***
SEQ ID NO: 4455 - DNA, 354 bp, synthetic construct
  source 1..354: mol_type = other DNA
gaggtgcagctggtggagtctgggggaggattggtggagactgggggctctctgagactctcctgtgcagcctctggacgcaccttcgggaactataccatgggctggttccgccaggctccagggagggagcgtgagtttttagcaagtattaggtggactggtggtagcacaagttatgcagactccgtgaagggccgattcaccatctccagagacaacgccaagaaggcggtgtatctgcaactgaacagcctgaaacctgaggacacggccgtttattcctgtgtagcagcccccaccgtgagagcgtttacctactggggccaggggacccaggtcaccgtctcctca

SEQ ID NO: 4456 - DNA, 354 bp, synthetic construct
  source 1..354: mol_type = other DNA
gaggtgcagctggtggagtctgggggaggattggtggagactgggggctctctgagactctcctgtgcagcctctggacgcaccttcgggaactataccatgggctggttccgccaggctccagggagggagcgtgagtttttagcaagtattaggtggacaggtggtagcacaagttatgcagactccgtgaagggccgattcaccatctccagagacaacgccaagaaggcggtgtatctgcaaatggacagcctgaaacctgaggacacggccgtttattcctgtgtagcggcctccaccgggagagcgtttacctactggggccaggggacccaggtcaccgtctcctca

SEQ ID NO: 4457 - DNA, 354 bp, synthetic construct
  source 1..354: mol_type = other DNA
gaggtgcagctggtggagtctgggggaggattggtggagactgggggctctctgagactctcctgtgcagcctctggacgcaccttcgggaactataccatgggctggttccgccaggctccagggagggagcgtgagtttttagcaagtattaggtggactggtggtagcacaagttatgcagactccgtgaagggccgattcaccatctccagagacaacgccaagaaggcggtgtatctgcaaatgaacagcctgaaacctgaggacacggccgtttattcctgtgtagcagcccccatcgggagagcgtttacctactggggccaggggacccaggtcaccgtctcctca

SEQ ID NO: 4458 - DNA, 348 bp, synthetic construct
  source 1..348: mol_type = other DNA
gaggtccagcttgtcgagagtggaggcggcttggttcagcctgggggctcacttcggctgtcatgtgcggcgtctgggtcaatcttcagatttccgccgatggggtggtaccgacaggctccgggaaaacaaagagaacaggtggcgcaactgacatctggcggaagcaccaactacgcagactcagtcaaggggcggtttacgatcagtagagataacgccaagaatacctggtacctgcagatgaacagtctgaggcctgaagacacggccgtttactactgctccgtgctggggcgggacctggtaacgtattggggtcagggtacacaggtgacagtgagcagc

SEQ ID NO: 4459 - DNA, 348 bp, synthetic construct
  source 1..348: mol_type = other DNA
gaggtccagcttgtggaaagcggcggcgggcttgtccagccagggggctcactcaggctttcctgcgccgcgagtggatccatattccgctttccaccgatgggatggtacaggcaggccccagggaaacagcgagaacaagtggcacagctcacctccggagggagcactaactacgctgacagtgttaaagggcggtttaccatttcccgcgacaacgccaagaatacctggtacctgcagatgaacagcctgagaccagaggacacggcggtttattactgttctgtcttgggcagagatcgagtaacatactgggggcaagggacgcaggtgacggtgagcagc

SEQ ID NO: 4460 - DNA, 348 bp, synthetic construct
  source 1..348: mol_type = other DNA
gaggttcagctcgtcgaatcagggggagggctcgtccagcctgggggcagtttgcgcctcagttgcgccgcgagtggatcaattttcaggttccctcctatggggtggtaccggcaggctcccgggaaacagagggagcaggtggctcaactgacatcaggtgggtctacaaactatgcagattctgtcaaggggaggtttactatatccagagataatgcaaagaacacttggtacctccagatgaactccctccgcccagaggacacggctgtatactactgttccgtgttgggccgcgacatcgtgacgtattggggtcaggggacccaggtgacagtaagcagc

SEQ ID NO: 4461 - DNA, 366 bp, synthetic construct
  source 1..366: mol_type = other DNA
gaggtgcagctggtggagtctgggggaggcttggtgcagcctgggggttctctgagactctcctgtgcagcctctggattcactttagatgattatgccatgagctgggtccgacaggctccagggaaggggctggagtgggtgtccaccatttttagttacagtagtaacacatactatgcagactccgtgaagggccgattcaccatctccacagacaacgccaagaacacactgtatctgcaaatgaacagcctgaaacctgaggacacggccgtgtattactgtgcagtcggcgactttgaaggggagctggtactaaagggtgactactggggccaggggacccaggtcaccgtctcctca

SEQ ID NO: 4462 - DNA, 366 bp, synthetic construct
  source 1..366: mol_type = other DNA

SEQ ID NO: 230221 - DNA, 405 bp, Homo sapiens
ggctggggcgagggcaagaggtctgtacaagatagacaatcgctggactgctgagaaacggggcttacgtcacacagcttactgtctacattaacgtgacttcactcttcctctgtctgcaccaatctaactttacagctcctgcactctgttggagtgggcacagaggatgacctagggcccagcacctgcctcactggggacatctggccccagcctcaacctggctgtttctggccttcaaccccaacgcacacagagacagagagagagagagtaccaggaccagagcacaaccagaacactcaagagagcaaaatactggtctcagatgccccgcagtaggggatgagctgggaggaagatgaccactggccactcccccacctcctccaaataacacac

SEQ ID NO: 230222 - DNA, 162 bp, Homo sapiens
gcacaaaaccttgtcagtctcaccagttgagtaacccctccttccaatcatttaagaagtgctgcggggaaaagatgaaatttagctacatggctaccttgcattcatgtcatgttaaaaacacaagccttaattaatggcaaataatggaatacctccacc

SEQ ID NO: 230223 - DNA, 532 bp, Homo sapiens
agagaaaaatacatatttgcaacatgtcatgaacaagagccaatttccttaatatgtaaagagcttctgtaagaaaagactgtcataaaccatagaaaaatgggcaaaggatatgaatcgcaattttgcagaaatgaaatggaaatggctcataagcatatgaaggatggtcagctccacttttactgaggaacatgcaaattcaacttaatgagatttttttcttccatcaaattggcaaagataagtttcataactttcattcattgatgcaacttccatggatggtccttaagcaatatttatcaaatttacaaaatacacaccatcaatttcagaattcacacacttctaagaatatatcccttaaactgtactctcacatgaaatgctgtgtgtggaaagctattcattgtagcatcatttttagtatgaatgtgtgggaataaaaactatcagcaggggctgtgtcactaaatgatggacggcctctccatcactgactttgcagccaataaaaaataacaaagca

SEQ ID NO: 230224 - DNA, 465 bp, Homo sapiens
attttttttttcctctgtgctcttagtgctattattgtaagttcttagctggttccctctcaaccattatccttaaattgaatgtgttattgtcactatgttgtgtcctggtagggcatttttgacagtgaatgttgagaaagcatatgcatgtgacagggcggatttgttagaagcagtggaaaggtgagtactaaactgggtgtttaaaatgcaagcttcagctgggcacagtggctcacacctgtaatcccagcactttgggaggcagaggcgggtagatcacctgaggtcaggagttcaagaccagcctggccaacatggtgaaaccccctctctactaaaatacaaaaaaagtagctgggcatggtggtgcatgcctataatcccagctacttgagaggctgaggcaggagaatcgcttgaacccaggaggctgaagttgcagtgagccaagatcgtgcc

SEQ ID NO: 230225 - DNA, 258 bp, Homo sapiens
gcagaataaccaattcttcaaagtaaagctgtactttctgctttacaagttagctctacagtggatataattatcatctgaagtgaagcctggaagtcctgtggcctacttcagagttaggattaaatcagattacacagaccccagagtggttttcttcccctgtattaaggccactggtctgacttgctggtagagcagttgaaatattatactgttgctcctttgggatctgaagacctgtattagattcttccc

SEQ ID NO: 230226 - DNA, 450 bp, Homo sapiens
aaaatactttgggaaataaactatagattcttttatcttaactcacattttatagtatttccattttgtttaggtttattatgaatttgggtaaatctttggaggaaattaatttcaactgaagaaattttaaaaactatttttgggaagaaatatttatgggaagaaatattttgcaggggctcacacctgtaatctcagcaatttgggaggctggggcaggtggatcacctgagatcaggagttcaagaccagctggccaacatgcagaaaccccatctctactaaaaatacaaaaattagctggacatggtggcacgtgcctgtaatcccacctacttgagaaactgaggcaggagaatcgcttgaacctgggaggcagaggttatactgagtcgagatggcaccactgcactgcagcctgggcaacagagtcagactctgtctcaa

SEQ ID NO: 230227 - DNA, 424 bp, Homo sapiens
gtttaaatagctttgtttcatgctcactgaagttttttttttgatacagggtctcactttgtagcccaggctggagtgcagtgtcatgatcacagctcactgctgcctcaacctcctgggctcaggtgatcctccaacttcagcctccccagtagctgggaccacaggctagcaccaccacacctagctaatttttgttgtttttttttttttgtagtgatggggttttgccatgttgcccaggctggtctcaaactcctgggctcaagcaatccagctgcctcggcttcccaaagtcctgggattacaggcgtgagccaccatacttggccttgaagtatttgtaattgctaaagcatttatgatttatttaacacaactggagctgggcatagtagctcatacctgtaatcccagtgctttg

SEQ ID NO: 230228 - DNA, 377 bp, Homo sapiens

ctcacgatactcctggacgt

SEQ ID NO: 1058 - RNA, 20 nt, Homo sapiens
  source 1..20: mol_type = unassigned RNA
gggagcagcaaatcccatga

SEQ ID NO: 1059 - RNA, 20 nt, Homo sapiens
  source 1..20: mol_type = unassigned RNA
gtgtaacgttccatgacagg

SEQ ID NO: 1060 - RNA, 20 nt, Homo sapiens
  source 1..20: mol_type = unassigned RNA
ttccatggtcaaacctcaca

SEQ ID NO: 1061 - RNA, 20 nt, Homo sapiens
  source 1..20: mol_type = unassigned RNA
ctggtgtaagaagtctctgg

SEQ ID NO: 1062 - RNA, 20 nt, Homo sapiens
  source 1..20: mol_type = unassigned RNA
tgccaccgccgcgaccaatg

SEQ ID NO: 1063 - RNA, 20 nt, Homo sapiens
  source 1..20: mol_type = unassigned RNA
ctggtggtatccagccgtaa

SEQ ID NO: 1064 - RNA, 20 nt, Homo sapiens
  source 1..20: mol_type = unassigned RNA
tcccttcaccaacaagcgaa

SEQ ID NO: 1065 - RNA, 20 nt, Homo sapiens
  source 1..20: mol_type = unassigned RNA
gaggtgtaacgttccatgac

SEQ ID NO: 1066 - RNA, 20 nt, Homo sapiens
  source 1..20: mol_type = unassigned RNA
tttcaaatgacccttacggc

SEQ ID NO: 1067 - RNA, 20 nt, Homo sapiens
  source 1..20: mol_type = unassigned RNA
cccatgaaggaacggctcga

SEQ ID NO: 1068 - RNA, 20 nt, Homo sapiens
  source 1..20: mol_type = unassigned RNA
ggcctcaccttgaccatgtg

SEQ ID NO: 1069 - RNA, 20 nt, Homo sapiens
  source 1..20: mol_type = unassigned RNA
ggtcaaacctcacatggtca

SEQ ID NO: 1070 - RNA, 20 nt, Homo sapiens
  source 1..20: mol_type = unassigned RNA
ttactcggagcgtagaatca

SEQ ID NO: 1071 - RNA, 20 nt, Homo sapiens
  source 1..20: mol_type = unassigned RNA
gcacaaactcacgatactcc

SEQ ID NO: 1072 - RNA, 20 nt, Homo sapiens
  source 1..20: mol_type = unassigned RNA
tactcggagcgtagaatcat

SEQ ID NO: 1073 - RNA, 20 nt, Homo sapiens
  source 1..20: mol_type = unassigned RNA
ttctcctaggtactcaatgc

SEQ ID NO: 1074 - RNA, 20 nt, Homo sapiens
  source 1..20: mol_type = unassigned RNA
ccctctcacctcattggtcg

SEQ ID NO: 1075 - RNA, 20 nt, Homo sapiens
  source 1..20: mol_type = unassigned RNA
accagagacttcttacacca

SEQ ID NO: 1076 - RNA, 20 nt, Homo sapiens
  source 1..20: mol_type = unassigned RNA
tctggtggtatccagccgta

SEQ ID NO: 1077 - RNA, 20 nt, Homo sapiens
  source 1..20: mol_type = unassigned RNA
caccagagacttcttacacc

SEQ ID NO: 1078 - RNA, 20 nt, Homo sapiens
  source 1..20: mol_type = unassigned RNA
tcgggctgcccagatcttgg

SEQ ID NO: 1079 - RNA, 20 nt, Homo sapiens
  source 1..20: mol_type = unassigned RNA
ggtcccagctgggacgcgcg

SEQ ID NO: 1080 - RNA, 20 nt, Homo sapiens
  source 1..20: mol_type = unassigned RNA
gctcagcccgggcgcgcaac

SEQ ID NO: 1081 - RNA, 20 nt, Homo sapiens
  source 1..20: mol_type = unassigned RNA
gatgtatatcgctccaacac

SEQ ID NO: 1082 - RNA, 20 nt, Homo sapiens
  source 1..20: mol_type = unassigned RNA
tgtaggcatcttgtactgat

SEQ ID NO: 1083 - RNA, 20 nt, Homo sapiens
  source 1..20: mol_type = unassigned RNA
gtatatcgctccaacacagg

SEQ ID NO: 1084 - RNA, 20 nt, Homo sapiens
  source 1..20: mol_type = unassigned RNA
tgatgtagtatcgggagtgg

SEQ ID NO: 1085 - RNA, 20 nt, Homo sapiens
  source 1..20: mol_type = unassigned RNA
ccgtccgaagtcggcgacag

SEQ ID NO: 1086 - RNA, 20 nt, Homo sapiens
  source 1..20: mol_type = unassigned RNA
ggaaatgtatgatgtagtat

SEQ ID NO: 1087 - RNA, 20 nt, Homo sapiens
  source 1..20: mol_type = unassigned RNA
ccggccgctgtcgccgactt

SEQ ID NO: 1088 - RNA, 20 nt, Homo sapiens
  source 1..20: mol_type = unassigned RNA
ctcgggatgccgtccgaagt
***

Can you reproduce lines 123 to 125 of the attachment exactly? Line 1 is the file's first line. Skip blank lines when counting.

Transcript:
ccgtccgaagtcggcgacag

SEQ ID NO: 1086 - RNA, 20 nt, Homo sapiens
  source 1..20: mol_type = unassigned RNA